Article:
Sunday, February 19, 2012
Rogue Chocolate Stout Brownies
This decadent-sounding recipe was the 2nd of 3 that I culled from the March 2011 Men's Journal article on cooking with beer (the other being short ribs braised in Chimay Red). Like the Chimay Red, I needed to make a trip to my local mega-liquors to find the beer in question, that is, Rogue Chocolate Stout, sold in a large-format bottle. With Mrs. Hackknife logging heavy hours at the office this week (it's audit season), I found myself with a little extra time in the Commissary and decided to finally try whipping these brownies up (Hackknifette was kind enough to act as my sous-chef during the cooking process). Here's the recipe:
1.5 c. Rogue Chocolate Stout (accept no imitation)
6 oz. bittersweet chocolate, chopped (I used Ghirardelli chips)
6 oz. semisweet chocolate, chopped (Nestle's Toll House chips worked fine)
1 stick unsalted butter, softened
1 c. brown sugar
1 c. granulated sugar
2 c. all-purpose flour
1 c. cocoa powder
3/4 tsp. kosher salt
1. Preheat oven to 350F. Butter (or use Pam) an 8" x 8" square baking pan and dust with flour. In a medium saucepan, melt half of the bittersweet and half of the semisweet chocolate (note - I put the chocolate in a glass bowl and microwaved on 50% power in 1-minute increments until it melted), then remove from heat and let cool. Mix butter, sugar, and brown sugar with an electric mixer until creamy. With mixer running, add eggs, then pour in beer in a steady stream, then mix in melted chocolate.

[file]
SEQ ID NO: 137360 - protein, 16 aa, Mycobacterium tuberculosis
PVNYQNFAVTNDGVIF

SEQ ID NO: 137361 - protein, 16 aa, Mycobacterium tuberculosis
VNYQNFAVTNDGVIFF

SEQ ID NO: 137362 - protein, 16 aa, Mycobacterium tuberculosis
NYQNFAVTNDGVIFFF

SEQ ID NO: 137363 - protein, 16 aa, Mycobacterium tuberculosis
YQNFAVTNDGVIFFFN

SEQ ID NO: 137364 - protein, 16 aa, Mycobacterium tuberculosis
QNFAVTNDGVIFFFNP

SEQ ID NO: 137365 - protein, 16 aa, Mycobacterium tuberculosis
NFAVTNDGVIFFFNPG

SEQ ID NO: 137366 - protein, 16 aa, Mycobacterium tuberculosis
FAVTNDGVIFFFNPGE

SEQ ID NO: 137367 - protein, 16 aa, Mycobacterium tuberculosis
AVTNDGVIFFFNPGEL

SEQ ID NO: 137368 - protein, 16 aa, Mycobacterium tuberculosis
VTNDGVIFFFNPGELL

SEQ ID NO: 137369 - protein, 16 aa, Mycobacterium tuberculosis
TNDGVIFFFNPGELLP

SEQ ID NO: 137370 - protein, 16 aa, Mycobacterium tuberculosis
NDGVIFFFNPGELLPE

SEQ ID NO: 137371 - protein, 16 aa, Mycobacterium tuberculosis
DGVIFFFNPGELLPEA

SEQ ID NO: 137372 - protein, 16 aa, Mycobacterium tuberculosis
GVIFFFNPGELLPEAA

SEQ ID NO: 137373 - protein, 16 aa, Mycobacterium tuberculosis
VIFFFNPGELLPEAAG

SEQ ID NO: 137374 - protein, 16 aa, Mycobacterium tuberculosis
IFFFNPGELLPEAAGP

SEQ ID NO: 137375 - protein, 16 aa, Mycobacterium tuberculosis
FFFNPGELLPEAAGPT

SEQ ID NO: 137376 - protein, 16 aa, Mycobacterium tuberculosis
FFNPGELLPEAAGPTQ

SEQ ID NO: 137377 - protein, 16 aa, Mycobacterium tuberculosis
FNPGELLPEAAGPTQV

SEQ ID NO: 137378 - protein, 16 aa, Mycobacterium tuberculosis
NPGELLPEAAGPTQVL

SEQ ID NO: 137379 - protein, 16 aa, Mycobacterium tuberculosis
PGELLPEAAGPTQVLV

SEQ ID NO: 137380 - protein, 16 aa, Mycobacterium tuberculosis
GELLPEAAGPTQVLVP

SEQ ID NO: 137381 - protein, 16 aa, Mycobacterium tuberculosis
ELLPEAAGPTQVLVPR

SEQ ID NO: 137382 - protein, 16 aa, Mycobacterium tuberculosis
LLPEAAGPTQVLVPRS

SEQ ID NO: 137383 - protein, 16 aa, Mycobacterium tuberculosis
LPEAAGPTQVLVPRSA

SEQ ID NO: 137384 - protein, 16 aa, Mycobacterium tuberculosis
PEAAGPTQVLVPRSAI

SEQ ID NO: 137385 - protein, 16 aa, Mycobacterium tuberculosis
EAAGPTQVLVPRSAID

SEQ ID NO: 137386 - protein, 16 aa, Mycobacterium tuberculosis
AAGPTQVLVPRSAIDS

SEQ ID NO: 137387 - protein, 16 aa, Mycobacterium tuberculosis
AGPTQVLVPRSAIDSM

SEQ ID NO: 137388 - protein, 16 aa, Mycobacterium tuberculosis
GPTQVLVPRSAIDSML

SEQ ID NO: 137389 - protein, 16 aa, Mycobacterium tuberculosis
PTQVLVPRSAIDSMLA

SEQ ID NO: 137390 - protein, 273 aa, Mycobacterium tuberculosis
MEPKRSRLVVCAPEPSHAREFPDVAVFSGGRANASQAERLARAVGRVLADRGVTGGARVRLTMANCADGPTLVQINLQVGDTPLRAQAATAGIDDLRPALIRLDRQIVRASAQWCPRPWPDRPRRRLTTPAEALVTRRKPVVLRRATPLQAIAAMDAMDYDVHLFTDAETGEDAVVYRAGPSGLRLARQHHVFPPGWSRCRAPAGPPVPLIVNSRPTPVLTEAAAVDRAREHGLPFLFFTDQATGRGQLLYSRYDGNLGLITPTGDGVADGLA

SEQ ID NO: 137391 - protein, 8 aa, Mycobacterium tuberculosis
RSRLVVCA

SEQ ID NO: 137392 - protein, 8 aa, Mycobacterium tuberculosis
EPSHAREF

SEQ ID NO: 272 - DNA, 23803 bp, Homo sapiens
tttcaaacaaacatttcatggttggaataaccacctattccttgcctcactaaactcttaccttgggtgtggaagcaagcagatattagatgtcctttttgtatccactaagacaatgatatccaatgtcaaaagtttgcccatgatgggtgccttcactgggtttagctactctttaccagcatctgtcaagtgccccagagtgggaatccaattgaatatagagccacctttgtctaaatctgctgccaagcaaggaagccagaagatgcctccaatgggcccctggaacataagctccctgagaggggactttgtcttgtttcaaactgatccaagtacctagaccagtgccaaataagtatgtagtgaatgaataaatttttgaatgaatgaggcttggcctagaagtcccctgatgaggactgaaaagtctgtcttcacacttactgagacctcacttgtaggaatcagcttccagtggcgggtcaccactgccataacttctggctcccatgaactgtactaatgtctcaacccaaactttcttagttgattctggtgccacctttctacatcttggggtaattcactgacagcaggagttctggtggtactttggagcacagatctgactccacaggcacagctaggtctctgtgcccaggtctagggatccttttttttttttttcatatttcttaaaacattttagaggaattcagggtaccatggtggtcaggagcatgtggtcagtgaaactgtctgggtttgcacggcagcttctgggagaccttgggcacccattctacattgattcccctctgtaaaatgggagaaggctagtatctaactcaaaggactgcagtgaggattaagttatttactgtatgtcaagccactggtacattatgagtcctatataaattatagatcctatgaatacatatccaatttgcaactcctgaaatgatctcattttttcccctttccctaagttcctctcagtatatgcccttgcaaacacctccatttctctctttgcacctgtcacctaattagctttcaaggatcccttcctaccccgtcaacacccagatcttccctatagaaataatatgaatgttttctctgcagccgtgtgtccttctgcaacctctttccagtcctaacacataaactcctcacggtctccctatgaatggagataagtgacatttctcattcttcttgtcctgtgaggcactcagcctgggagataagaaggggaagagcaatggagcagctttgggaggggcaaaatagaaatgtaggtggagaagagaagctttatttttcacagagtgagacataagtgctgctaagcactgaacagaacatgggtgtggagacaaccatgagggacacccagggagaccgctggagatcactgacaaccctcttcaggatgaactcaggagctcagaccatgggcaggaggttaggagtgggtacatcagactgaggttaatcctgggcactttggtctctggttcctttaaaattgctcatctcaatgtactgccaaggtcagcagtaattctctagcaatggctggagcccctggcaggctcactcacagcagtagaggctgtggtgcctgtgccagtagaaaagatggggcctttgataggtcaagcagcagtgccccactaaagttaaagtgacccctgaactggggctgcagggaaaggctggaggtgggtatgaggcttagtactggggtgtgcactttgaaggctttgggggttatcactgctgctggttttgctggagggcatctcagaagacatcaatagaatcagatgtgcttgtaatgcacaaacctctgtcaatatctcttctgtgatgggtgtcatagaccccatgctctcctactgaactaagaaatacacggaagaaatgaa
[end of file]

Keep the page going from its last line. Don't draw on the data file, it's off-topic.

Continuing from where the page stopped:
2. Combine flour, cocoa powder, and salt in a separate bowl, then stir mixture into egg-chocolate-beer bowl. Stir remaining chocolate pieces into mixture.
3. Pour mixture into baking pan and bake 40-45 minutes or until a knife stuck into the center comes out almost clean (note - it took my brownies close to 55 minutes to reach this point).
A couple of things surprised me as I assembled this dish. The batter filled the 8" x 8" baking pan to the point where I was almost certain that it was going to overflow as it rose in the oven. Fortunately, this didn't happen and I ended up with a pan of about the thickest brownies I've ever seen (see picture above). In spite of their excessive height, the finished goodies were almost cake-like in density, nicely lofted by the eggs and the carbonation in the beer. Their flavor was rich and complex, a nice combo of sweet and bitter, with the beer adding some yeasty notes and the chocolate chunks that were mixed in just prior to baking providing a little texture. By all accounts, everyone enjoyed this recipe quite a bit (including the neighbors, Mrs. Hackknife, the progeny - who seemed to sleep just a tad better than normal after consuming a beer-laced brownie, or maybe that was just my imagination - and my mother-in-law, who is the reigning top brownie chef in the family). I can't say that I was much of a fan of the beer by itself, so it won't be popping up in the Commissary liquor cabinet, but I'd use it in a cooking context again anytime...